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Wilke v. Culp

Decided: October 22, 1984.

LARRY A. WILKE, PLAINTIFF-APPELLANT,
v.
SHARON M. WILKE CULP, DEFENDANT-RESPONDENT



On appeal from Superior Court, Chancery Division, Monmouth County.

Michels and Petrella. The opinion of the court was delivered by Petrella, J.A.D.

Petrella

Plaintiff Larry A. Wilke appeals from the denial of his 1983 application for visitation with his son born of his marriage to defendant, Sharon Wilke Culp. He had also sought a mediation process to assist implementation of visitation.

On this appeal plaintiff contends that: (1) the trial court's order denying him visitation was in effect an unconstitutional termination of his parental rights; (2) the judge erred by relying solely on the child's preference not to see him in terminating his right to visitation; (3) the judge failed to make proper independent findings of fact as to the best interests of the child; and (4) the judge erred in failing to hold a plenary hearing which would have given the court a basis to evaluate all the issues concerning his visitation request.

The affidavits submitted in connection with the proceedings below contain certain background facts. During the marriage of the parties, a son, Todd Wilke was born on January 12, 1968. Thereafter, on March 24, 1971 the parties were divorced in the state of Indiana. In that proceeding defendant was given custody of Todd Wilke. Plaintiff was granted certain visitation rights. On July 3, 1971 defendant married her present husband, John F. Culp III. Thereafter the Culps relocated to Fort Lee, New Jersey with Todd Wilke. They now reside in Monmouth County.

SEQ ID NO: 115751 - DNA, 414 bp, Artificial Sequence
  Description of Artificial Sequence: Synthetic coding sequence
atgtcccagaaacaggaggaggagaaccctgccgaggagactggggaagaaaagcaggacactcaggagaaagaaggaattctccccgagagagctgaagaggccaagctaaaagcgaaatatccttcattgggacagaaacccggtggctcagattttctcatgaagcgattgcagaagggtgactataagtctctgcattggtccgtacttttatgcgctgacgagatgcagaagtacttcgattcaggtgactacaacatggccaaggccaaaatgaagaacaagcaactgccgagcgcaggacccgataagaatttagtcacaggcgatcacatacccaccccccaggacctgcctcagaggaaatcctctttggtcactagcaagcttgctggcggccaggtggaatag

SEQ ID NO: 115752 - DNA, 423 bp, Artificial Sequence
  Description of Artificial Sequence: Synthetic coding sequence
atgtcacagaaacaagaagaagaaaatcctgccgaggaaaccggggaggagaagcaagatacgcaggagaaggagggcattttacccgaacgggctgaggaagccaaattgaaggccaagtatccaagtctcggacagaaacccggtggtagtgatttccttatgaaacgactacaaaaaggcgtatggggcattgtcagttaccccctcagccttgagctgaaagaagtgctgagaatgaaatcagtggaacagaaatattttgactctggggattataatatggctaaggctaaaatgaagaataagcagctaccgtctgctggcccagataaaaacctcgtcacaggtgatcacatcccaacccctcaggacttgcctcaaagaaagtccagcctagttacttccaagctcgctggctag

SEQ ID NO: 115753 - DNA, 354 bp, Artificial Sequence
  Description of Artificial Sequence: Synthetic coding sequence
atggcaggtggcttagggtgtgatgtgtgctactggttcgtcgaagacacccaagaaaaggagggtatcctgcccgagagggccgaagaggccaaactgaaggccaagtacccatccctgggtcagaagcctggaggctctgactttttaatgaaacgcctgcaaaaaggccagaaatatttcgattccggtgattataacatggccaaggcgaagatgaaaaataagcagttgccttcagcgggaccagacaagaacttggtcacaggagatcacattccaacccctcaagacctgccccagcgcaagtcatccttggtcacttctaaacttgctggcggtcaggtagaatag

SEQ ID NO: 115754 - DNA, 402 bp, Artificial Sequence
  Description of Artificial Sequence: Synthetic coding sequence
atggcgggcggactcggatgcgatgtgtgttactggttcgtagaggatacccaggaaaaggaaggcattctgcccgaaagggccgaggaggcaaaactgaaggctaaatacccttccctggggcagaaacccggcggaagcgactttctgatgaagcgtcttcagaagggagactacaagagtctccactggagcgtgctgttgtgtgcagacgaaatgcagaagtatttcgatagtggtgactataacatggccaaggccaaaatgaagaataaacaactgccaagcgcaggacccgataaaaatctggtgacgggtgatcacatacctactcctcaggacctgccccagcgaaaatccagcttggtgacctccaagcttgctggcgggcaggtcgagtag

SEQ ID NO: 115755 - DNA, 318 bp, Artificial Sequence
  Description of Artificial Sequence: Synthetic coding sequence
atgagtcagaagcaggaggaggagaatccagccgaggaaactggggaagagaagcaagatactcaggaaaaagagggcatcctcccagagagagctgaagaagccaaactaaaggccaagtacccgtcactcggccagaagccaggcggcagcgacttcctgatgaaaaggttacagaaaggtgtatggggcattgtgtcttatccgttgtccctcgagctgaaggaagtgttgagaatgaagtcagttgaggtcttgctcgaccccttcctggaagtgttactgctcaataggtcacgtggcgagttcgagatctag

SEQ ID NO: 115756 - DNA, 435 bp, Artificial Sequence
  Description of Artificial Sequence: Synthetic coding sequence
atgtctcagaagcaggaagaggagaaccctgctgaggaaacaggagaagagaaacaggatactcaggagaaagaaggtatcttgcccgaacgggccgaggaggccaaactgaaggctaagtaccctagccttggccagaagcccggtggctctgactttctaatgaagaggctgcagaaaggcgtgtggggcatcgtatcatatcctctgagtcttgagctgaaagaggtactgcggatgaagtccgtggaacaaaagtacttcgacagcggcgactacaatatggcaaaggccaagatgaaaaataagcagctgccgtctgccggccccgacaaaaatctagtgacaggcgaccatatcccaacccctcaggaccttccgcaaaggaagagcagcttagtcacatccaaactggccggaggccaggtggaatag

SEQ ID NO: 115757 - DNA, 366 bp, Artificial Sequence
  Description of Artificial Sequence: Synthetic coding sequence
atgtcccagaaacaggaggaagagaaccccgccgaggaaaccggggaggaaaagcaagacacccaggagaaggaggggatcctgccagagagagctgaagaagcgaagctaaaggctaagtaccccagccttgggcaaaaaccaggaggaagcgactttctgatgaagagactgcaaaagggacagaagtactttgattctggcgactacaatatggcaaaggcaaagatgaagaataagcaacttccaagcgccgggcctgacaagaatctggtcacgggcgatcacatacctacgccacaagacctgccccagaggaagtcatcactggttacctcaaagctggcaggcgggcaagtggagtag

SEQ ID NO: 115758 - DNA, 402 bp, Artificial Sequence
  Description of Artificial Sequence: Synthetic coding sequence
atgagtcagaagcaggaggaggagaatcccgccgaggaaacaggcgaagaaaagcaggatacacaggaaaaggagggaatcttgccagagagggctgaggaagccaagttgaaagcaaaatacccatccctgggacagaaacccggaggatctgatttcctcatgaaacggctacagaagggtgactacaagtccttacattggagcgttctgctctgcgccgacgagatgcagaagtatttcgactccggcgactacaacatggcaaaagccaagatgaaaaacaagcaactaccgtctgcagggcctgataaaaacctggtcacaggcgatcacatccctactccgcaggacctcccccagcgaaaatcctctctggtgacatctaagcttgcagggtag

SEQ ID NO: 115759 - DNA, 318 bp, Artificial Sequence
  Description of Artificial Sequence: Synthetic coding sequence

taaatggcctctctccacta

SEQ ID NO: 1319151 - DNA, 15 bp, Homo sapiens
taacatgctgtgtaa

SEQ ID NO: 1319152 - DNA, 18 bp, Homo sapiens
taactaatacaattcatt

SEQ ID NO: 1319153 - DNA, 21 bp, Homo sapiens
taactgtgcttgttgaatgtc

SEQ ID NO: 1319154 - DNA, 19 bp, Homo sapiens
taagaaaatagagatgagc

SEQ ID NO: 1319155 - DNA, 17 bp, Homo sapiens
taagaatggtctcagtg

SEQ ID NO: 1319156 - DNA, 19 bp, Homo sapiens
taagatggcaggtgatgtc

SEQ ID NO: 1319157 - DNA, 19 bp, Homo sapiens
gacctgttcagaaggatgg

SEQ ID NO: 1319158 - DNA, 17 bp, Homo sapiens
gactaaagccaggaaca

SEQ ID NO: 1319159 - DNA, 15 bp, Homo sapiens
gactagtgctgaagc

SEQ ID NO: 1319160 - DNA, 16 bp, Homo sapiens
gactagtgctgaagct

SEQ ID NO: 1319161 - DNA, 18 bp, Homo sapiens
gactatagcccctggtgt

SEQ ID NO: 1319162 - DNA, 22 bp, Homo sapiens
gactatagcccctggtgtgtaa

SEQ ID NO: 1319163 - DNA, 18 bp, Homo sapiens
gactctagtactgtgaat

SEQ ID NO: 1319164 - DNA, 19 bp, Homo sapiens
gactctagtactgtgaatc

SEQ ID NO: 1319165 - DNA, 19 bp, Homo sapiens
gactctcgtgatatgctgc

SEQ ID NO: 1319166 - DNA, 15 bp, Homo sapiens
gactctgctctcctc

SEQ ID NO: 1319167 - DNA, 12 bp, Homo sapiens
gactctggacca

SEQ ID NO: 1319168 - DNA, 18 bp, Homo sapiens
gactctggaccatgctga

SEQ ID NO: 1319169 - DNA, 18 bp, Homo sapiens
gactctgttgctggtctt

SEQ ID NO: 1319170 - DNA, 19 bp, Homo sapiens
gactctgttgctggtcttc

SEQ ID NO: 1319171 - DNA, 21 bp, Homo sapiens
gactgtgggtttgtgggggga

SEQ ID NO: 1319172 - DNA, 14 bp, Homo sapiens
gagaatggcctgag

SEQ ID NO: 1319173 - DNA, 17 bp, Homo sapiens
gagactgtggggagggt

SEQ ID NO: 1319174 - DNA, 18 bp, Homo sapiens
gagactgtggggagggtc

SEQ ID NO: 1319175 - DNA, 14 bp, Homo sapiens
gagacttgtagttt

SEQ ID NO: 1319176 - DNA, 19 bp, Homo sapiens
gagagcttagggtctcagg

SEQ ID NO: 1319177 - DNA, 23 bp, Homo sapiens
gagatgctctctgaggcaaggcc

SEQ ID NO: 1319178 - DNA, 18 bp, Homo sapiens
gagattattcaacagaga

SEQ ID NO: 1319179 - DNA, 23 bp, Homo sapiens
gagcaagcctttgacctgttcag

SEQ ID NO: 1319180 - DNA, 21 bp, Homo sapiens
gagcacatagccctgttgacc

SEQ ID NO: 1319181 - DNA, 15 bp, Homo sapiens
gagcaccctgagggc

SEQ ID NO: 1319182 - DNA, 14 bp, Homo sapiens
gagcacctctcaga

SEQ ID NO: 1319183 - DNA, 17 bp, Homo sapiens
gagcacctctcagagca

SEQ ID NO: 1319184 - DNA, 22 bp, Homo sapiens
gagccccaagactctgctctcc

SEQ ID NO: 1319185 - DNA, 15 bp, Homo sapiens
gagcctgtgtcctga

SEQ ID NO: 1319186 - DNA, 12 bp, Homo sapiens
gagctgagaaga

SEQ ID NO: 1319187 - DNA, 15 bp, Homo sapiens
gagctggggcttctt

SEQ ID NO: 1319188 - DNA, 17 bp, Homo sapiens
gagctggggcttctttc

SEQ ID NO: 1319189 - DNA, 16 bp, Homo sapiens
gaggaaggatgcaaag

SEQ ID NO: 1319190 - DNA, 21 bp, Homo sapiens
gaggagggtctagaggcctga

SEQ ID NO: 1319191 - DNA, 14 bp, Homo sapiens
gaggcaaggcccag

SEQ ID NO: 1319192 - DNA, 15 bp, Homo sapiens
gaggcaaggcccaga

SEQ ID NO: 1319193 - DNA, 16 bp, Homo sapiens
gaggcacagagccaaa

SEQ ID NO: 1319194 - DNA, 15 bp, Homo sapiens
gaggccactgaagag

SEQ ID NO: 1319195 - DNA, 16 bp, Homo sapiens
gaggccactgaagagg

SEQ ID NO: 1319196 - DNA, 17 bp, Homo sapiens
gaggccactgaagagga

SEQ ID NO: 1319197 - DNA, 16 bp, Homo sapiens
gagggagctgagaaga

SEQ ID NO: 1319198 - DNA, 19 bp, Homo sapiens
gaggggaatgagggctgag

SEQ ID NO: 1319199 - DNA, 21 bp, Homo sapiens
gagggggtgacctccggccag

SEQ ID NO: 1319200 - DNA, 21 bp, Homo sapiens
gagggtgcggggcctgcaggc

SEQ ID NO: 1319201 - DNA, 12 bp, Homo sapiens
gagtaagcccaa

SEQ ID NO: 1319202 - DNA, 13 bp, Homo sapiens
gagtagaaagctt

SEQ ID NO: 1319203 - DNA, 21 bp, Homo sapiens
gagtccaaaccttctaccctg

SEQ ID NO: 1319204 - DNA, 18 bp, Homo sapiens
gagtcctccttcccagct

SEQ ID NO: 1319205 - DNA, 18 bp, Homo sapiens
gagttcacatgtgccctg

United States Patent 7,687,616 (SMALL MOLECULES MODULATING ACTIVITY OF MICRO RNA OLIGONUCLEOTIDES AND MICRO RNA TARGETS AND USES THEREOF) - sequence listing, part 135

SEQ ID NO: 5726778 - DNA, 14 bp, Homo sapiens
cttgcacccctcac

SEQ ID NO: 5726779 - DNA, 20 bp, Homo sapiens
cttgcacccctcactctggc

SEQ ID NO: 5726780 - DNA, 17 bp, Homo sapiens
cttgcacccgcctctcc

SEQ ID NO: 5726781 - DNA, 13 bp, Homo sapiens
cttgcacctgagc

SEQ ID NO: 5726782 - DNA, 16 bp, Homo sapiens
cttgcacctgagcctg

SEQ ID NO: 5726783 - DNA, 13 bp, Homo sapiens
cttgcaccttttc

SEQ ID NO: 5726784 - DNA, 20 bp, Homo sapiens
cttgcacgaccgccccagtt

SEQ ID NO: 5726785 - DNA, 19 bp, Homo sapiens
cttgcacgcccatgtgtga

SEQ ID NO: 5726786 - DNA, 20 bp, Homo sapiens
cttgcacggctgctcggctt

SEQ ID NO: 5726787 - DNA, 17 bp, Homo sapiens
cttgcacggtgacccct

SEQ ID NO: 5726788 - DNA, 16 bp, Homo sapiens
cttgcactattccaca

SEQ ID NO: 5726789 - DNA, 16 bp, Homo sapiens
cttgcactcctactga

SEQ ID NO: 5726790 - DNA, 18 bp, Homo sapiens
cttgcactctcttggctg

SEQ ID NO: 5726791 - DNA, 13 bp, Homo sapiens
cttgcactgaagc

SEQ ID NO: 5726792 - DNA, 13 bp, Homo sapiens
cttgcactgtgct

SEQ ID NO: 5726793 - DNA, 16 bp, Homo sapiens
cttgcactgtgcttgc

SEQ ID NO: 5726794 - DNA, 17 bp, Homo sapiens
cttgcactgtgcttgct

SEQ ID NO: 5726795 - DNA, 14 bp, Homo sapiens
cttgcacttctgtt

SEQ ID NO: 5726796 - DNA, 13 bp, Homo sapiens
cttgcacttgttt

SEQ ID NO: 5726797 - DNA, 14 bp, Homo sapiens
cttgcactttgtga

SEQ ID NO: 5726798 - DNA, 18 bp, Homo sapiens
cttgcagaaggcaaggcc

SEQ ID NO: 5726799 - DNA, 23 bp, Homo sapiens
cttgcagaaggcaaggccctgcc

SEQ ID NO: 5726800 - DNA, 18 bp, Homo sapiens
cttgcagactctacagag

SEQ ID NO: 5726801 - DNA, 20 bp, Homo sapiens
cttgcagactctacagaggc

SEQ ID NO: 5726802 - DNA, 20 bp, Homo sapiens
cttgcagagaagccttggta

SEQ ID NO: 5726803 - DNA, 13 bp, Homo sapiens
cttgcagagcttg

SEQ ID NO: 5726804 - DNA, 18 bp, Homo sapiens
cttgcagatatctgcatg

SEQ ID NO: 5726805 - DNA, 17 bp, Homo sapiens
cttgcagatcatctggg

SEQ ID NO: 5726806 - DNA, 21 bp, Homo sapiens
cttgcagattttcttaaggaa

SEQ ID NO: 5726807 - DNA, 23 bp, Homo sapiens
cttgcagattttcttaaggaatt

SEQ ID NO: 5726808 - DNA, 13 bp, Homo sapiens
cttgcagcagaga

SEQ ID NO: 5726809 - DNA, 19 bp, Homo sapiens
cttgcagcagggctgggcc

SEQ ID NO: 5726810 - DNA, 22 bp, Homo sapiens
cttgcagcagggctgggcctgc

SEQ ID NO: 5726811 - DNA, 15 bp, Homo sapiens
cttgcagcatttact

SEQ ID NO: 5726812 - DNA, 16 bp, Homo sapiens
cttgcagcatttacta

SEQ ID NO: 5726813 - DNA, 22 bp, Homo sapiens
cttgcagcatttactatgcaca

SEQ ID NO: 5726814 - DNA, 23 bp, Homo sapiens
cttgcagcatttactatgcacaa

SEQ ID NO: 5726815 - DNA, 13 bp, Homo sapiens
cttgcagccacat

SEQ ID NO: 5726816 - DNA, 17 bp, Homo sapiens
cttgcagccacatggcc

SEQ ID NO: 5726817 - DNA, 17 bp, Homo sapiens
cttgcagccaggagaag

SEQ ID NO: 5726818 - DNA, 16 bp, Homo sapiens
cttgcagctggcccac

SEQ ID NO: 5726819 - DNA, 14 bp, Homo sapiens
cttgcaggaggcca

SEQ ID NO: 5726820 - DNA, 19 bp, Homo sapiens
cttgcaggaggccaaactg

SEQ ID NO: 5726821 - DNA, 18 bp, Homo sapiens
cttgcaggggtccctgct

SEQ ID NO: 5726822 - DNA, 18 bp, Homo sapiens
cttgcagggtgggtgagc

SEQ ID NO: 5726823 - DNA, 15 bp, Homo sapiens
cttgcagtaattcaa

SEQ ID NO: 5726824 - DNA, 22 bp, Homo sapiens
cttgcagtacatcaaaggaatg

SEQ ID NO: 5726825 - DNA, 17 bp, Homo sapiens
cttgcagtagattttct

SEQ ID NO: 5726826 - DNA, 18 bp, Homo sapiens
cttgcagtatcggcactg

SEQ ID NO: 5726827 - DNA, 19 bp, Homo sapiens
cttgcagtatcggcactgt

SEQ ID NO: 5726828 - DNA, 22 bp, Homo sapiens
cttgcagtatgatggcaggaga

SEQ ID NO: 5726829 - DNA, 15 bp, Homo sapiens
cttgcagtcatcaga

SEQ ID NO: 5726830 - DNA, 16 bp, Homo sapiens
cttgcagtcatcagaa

According to plaintiff, "in the middle of 1971" he experienced difficulties visiting with his son because defendant and her husband intentionally attempted to thwart his efforts at contacting Todd by phone or by written communication. Plaintiff alleges that during this time period defendant and her husband pursued a "cruel and vicious systematic plan" to keep him out of their lives and Todd's life. Plaintiff asserts that they did so by telling Todd malicious things about him so that Todd would reject him, by punishing Todd physically if he kissed, touched or played with or accepted anything from plaintiff and by telling Todd exaggerated stories of physical abuse by plaintiff against

defendant. All of this plaintiff claimed was aimed at brainwashing his son into refusing visits.

Defendant denied that she refused plaintiff visitation, and points to a January 28, 1972 letter from her new husband to plaintiff referring plaintiff to their lawyer as their attempt at cooperation in arranging visitation.

In any event, on plaintiff's application an order was entered in Indiana on October 21, 1971 allowing him visitation rights in New Jersey, as well as periods of temporary custody. Plaintiff Wilke thereafter relocated to Florida where he presently resides.